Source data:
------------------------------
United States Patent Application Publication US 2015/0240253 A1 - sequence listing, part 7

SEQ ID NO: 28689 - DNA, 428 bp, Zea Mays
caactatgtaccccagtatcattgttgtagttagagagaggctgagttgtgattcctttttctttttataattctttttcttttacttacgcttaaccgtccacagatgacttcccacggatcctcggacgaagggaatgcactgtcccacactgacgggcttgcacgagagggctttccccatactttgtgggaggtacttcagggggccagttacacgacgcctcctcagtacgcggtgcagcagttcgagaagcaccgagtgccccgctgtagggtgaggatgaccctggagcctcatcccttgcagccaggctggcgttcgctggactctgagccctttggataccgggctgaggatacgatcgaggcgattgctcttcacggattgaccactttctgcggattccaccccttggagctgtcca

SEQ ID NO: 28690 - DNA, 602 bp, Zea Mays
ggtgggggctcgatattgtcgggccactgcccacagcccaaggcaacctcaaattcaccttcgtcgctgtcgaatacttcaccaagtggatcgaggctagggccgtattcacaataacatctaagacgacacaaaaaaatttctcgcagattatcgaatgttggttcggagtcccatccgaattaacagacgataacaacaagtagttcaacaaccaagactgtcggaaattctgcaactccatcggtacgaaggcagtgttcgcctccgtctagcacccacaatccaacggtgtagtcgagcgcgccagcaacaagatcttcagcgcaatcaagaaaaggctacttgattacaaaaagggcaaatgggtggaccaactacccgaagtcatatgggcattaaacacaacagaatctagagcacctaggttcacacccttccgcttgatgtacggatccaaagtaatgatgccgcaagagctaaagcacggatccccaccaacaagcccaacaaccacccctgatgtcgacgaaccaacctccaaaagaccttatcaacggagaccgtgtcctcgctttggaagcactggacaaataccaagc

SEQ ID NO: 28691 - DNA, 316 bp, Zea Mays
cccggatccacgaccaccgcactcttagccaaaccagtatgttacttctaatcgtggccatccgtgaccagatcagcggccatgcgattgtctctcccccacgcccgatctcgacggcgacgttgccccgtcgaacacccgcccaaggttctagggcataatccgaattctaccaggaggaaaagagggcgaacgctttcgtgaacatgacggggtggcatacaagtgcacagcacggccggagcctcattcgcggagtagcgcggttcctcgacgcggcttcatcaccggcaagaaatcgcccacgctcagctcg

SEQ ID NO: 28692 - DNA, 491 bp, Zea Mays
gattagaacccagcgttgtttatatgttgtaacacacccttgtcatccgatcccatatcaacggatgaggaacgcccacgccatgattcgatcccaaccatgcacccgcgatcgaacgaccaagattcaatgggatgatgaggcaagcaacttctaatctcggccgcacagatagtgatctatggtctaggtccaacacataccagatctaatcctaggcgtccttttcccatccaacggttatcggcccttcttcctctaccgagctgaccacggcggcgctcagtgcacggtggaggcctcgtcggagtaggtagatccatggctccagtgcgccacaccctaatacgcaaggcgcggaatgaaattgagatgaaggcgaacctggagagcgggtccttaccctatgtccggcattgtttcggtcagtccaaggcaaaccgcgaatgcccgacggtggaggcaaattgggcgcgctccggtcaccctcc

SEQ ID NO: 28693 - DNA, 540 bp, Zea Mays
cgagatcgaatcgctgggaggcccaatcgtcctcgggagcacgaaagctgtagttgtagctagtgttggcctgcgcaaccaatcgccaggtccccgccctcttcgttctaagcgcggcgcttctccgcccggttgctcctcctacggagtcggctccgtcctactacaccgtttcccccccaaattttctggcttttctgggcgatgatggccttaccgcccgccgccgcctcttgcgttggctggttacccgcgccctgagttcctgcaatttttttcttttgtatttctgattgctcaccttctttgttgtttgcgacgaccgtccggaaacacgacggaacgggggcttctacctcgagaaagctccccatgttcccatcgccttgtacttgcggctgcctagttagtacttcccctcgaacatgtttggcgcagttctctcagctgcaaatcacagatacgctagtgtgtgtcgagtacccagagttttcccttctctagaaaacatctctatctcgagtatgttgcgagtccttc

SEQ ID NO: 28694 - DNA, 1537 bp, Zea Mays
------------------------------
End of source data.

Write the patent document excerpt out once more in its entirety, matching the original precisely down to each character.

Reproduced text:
United States Patent Application Publication US 2015/0240253 A1 - sequence listing, part 7

SEQ ID NO: 28689 - DNA, 428 bp, Zea Mays
caactatgtaccccagtatcattgttgtagttagagagaggctgagttgtgattcctttttctttttataattctttttcttttacttacgcttaaccgtccacagatgacttcccacggatcctcggacgaagggaatgcactgtcccacactgacgggcttgcacgagagggctttccccatactttgtgggaggtacttcagggggccagttacacgacgcctcctcagtacgcggtgcagcagttcgagaagcaccgagtgccccgctgtagggtgaggatgaccctggagcctcatcccttgcagccaggctggcgttcgctggactctgagccctttggataccgggctgaggatacgatcgaggcgattgctcttcacggattgaccactttctgcggattccaccccttggagctgtcca

SEQ ID NO: 28690 - DNA, 602 bp, Zea Mays
ggtgggggctcgatattgtcgggccactgcccacagcccaaggcaacctcaaattcaccttcgtcgctgtcgaatacttcaccaagtggatcgaggctagggccgtattcacaataacatctaagacgacacaaaaaaatttctcgcagattatcgaatgttggttcggagtcccatccgaattaacagacgataacaacaagtagttcaacaaccaagactgtcggaaattctgcaactccatcggtacgaaggcagtgttcgcctccgtctagcacccacaatccaacggtgtagtcgagcgcgccagcaacaagatcttcagcgcaatcaagaaaaggctacttgattacaaaaagggcaaatgggtggaccaactacccgaagtcatatgggcattaaacacaacagaatctagagcacctaggttcacacccttccgcttgatgtacggatccaaagtaatgatgccgcaagagctaaagcacggatccccaccaacaagcccaacaaccacccctgatgtcgacgaaccaacctccaaaagaccttatcaacggagaccgtgtcctcgctttggaagcactggacaaataccaagc

SEQ ID NO: 28691 - DNA, 316 bp, Zea Mays
cccggatccacgaccaccgcactcttagccaaaccagtatgttacttctaatcgtggccatccgtgaccagatcagcggccatgcgattgtctctcccccacgcccgatctcgacggcgacgttgccccgtcgaacacccgcccaaggttctagggcataatccgaattctaccaggaggaaaagagggcgaacgctttcgtgaacatgacggggtggcatacaagtgcacagcacggccggagcctcattcgcggagtagcgcggttcctcgacgcggcttcatcaccggcaagaaatcgcccacgctcagctcg

SEQ ID NO: 28692 - DNA, 491 bp, Zea Mays
gattagaacccagcgttgtttatatgttgtaacacacccttgtcatccgatcccatatcaacggatgaggaacgcccacgccatgattcgatcccaaccatgcacccgcgatcgaacgaccaagattcaatgggatgatgaggcaagcaacttctaatctcggccgcacagatagtgatctatggtctaggtccaacacataccagatctaatcctaggcgtccttttcccatccaacggttatcggcccttcttcctctaccgagctgaccacggcggcgctcagtgcacggtggaggcctcgtcggagtaggtagatccatggctccagtgcgccacaccctaatacgcaaggcgcggaatgaaattgagatgaaggcgaacctggagagcgggtccttaccctatgtccggcattgtttcggtcagtccaaggcaaaccgcgaatgcccgacggtggaggcaaattgggcgcgctccggtcaccctcc

SEQ ID NO: 28693 - DNA, 540 bp, Zea Mays
cgagatcgaatcgctgggaggcccaatcgtcctcgggagcacgaaagctgtagttgtagctagtgttggcctgcgcaaccaatcgccaggtccccgccctcttcgttctaagcgcggcgcttctccgcccggttgctcctcctacggagtcggctccgtcctactacaccgtttcccccccaaattttctggcttttctgggcgatgatggccttaccgcccgccgccgcctcttgcgttggctggttacccgcgccctgagttcctgcaatttttttcttttgtatttctgattgctcaccttctttgttgtttgcgacgaccgtccggaaacacgacggaacgggggcttctacctcgagaaagctccccatgttcccatcgccttgtacttgcggctgcctagttagtacttcccctcgaacatgtttggcgcagttctctcagctgcaaatcacagatacgctagtgtgtgtcgagtacccagagttttcccttctctagaaaacatctctatctcgagtatgttgcgagtccttc

SEQ ID NO: 28694 - DNA, 1537 bp, Zea Mays